Castro and his brother Raúl held the presidential post along with Cuba's other highest positions, like Communist Party leader, until this year, when Raúl Castro stepped down as president and a new Constitution divided the president's responsibilities between Castro's successor, Miguel Díaz-Canel, and the new post of prime minister.
The new Constitution envisions the prime minister as responsible for the daily operations of government as head of the Council of Ministers.
The prime minister has a five-year term and is nominated by Díaz-Canel and approved by the National Assembly, which unanimously approves every proposal put before it, with one known exception in recent history.
Marrero Cruz was named to his former post by Fidel Castro and saw tourism grow to one of the country’s largest earners of hard currency, alongside nickel mining and the dispatch of doctors and other professionals on government contracts overseas. Cuba welcomed 4.3 million tourists this year, fewer than hoped for but more than double the two million who arrived the year Marrero Cruz was named tourism minister.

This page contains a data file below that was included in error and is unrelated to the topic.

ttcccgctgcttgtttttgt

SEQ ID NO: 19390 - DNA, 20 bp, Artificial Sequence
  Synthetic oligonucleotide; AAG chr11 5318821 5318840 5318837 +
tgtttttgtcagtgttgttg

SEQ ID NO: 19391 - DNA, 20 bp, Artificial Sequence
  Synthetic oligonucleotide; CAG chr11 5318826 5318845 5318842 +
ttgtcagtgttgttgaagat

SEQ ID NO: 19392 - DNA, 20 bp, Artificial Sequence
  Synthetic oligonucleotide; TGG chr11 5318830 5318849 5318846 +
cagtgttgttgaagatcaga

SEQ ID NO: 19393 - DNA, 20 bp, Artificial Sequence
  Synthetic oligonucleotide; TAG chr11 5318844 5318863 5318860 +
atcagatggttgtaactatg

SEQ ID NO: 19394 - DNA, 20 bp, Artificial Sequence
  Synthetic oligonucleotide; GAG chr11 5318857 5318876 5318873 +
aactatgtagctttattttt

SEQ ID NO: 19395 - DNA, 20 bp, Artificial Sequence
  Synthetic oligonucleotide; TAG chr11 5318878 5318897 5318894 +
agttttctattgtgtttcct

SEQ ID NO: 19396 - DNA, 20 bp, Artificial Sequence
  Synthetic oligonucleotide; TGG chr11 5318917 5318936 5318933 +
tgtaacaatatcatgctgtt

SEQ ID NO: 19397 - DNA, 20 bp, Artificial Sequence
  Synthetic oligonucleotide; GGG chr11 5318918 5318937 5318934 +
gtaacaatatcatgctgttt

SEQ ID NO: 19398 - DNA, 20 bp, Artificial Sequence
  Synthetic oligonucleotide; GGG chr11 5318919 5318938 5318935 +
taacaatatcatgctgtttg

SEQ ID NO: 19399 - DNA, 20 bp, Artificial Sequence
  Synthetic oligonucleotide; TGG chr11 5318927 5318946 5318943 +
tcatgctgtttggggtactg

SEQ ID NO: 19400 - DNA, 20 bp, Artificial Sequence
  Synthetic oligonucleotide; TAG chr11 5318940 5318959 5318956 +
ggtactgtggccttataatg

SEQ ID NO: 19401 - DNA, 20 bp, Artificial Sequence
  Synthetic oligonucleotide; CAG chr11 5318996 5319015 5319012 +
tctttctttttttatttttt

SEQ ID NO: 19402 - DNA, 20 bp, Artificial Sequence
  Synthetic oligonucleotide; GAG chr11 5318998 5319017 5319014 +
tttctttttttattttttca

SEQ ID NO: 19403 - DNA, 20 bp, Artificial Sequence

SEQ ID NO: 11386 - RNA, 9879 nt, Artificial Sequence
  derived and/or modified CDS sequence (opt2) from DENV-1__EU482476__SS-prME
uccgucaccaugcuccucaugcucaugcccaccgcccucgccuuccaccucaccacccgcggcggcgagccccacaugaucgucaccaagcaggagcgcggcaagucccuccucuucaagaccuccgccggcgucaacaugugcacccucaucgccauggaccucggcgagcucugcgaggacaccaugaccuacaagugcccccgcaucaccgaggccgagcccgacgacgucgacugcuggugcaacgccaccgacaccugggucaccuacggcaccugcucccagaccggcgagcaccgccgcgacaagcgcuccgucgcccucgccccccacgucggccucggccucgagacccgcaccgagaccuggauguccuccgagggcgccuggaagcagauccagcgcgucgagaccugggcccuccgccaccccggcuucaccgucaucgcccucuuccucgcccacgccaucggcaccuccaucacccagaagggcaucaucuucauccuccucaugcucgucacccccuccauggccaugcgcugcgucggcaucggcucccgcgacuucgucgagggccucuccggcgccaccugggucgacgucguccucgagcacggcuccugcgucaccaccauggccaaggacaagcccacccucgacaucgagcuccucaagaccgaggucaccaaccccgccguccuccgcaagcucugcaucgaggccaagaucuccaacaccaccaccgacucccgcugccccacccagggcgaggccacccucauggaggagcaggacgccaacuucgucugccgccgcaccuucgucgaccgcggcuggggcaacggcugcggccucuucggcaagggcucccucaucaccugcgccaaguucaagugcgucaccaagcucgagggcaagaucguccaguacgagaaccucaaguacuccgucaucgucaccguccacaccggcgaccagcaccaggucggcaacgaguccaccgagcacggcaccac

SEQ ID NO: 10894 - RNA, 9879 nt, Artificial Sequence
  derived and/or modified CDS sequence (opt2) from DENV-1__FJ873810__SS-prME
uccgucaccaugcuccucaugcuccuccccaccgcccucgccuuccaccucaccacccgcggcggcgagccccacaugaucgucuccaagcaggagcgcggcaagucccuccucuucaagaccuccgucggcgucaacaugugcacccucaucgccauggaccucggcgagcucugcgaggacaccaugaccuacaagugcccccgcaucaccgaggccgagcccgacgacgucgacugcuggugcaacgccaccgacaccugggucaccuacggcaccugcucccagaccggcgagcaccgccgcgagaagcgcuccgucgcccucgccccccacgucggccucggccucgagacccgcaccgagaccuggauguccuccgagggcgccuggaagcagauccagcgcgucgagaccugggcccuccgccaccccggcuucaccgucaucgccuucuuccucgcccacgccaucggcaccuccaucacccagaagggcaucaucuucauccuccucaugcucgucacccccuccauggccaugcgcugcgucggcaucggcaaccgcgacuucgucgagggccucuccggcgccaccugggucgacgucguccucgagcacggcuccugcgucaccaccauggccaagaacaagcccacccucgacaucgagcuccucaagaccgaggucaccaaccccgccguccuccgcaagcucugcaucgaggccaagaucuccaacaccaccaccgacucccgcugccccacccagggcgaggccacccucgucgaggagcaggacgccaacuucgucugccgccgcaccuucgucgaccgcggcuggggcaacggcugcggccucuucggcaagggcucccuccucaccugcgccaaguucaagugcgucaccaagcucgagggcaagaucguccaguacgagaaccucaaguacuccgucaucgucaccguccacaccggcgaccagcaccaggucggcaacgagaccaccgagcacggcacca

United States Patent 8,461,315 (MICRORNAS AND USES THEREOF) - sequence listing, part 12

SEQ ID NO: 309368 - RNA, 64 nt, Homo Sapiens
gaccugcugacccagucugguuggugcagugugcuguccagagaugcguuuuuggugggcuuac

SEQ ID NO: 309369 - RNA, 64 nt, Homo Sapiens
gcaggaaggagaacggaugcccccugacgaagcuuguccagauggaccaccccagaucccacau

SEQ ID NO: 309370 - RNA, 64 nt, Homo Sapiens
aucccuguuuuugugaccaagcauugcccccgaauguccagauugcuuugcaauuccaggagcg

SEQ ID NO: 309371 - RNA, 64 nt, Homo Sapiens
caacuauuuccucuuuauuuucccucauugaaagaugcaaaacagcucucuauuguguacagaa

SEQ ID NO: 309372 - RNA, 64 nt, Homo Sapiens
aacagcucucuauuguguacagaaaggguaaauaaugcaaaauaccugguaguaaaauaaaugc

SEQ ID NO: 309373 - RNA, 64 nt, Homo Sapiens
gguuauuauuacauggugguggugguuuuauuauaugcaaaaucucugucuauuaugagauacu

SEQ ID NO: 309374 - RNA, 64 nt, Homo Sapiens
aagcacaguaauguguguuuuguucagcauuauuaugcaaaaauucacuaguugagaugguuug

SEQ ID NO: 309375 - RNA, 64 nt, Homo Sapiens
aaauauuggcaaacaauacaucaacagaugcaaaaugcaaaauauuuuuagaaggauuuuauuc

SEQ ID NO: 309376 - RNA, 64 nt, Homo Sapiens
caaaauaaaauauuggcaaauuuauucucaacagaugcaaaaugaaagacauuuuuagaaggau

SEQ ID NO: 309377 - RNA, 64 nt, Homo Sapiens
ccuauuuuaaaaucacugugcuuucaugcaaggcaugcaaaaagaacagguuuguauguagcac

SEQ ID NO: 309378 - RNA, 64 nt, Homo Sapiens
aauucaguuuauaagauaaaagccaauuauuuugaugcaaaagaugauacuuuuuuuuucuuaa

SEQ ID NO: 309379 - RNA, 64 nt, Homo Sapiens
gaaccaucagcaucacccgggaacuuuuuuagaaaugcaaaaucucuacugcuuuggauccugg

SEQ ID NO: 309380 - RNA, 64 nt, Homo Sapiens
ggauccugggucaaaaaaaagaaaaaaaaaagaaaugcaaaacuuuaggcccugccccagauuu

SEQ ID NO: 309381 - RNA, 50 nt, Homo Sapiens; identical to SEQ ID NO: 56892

In recent years Marrero Cruz has worked closely with Gaesa, the military-linked conglomerate that dominates tourism and many of the island’s other key sectors, including import/export and retail sales. Even as demand has slackened and Cuba’s economy has stalled, Gaesa and contractors like French construction firm Bouygues have been rapidly building thousands of new hotel rooms, most destined to be managed by Spanish hospitality companies and other foreign partners.
Arturo López-Levy, a Cuba expert at Holy Names University in California, said Marrero Cruz had proven himself an agile builder of consensus among Cuba’s most powerful forces.